He has compiled and edited various collections about music from earlier New England from the 18th and 19th centuries in the New England Music Archive (or NEMA).
One focus has been on the oldest choral society in the U.S.A, founded in 1786, and he has compiled a multi-media disc titled:
"Dedication: - Singing in Stoughton, 1762-1987.
Managing Editor, Film Music Review
In 1998, he began an e-zine, FILM MUSIC REVIEW, which is still available online and he has been its Managing Editor since the very beginning. He has written reviews or tributes for over 500 films. Also, he is a member of the International Film Music Critics Association. Every year he chooses what he considers the best film music releases for his Sammy Film Music Awards, named after lyricist, Sammy Cahn, who was Oscar nominated more times than any other songwriter.
Shaker Music Scholar
One of his special areas of research has been music of the Shakers, America's oldest surviving communal sect with over 10,000 tunes composed. Hall has published numerous articles, books and CDs about this distinctive religious society. He has also presented many concerts and lectures on Shaker music. Also, he is an authority on the best known Shaker song, "Simple Gifts" (or 'Tis the gift to be simple).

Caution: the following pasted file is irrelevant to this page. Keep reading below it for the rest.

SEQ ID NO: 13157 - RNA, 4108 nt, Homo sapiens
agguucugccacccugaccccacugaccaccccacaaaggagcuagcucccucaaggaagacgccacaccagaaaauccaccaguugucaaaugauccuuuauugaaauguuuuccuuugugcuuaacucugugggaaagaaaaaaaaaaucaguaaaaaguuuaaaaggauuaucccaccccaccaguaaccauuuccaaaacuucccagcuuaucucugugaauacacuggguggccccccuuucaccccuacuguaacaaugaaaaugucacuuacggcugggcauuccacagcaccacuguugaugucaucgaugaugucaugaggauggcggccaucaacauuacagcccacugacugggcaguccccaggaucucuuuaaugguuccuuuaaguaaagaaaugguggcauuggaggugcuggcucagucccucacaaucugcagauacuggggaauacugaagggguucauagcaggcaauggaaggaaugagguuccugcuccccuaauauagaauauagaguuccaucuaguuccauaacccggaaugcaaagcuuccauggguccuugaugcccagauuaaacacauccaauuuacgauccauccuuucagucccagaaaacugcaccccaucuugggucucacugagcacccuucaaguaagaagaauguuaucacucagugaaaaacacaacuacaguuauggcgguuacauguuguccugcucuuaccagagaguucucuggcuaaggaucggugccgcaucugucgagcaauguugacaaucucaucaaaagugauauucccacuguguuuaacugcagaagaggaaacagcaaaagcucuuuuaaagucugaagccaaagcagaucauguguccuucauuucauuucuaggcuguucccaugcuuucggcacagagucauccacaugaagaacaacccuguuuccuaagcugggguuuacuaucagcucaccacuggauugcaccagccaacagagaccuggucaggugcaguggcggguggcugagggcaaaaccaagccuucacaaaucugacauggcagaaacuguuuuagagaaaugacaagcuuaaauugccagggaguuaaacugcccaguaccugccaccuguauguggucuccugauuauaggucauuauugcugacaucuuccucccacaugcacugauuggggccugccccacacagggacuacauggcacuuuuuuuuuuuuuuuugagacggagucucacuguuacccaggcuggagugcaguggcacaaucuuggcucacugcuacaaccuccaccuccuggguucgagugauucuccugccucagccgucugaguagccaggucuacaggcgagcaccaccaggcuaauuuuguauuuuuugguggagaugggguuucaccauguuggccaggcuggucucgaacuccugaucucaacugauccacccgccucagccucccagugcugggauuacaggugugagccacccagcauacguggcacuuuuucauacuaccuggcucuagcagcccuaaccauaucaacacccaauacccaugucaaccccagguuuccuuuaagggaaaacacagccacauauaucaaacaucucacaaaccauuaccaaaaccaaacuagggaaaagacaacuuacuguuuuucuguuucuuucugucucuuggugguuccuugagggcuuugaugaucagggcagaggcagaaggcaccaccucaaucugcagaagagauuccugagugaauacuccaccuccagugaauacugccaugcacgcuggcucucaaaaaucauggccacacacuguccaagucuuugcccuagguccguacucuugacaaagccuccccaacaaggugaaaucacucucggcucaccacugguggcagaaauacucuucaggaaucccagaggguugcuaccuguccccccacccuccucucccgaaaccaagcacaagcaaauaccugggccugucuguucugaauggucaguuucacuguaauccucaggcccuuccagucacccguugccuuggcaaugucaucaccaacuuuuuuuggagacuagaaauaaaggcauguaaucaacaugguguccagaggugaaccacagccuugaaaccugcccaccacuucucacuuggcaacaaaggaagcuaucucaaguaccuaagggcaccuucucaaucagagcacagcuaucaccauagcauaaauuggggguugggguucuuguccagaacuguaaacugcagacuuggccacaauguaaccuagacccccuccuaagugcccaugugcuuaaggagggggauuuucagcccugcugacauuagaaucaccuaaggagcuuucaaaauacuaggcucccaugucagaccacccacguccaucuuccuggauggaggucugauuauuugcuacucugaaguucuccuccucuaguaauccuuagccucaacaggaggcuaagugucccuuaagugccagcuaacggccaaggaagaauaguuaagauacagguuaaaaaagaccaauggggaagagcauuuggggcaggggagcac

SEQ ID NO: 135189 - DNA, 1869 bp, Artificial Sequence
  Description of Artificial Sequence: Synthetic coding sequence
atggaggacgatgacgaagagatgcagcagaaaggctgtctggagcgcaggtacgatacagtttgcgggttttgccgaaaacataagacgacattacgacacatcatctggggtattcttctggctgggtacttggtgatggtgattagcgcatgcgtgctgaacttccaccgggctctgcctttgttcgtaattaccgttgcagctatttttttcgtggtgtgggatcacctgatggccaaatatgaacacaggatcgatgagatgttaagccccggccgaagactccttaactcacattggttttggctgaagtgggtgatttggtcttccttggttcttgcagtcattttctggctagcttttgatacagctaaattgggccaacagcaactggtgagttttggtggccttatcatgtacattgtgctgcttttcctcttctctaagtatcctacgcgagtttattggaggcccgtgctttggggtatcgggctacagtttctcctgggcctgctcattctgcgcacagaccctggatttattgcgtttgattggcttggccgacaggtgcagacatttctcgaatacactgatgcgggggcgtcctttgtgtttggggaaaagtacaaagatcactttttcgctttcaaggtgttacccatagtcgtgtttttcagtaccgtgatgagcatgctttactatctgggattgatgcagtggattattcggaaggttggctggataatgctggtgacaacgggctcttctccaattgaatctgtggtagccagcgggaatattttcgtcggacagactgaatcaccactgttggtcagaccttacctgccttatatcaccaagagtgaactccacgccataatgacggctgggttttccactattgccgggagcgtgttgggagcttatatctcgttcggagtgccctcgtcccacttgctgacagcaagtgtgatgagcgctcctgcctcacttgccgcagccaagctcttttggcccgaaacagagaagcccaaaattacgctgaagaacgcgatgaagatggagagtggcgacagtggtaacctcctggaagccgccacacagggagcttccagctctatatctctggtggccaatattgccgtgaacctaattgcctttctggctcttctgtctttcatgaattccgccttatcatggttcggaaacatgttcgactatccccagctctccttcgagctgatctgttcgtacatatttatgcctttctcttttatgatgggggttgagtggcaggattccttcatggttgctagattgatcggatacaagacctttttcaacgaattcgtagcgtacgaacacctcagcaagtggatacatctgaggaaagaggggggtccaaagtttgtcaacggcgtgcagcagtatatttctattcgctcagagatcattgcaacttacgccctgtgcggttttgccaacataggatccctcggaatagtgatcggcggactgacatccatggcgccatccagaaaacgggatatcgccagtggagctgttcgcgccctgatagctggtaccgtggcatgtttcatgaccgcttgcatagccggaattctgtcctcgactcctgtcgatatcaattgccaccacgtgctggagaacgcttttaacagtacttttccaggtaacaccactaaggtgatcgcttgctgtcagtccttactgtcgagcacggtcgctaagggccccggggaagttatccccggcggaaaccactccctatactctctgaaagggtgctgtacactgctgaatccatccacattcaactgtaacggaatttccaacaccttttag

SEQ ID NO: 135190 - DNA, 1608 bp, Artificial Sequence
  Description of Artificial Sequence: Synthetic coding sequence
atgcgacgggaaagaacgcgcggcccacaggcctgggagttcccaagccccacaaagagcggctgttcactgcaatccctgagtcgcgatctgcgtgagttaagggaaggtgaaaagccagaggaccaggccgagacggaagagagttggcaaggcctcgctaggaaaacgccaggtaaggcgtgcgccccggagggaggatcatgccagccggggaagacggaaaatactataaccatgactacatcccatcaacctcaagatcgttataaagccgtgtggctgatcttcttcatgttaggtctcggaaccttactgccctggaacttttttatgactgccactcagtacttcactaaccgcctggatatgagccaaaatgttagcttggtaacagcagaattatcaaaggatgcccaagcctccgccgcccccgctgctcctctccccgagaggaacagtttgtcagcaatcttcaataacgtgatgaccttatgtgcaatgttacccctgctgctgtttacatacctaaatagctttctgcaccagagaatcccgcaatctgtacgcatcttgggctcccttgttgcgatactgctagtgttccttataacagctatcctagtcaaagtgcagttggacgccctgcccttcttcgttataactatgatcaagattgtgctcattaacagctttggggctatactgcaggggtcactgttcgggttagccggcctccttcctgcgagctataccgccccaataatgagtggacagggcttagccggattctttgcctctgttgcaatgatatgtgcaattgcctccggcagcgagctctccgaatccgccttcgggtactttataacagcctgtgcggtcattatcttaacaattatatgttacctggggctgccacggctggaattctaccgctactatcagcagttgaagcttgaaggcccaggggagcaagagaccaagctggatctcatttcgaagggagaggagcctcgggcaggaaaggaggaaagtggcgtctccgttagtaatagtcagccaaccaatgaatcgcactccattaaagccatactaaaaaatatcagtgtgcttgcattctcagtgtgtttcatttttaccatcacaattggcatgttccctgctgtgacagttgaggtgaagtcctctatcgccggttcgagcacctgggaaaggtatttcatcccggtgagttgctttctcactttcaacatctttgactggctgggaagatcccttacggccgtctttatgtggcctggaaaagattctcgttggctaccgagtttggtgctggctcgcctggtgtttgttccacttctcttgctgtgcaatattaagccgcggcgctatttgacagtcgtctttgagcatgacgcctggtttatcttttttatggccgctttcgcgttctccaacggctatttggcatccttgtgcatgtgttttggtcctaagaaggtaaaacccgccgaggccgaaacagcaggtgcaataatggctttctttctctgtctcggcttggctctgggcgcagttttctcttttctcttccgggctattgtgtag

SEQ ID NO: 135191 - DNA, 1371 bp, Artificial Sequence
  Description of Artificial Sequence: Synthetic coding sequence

To read about his book on a multi-media computer disc
with music examples and video clips -- click here
Radio Producer and Program Host
During the 1970s, 1980s and 1990s, Roger Hall was a frequent guest on WGBH radio in Boston, with programs devoted to film music and vintage popular songs. Every year, on "Music America" hosted by Ron Della Chiesa, Hall presented music segments, especially about film music. He also produced a "Great American Songs" series for a radio station in Brockton, Massachusetts. Later he was hired to host a nightly program titled, "IN THE MOOD," playing popular music from the 1930s to 1950s. On his first show he played Big Band favorites and did a memorial tribute to Elvis Presley. Also there were special theme shows, such as "A Night At The Movies" and "Songs from World War II."
To see the sample CDs from "IN THE MOOD"
and his other radio programs -- click here
Cable Television Producer and Host
Between 1986 and 1988, he worked as producer and host of two cable television series: "In Concert" and "Now and Then" both featuring local musicians. Also, he wrote, produced, and arranged the music for
a half-hour video of his one act play: "The Musical Telephone."
The following titles are sample publications
produced by Roger Lee Hall:
CD-ROMs (information, pictures, music albums):
"Glory, Hallleujah" - Songs and Hymns of the Civil War Era
(PTM 1025) ---- Click here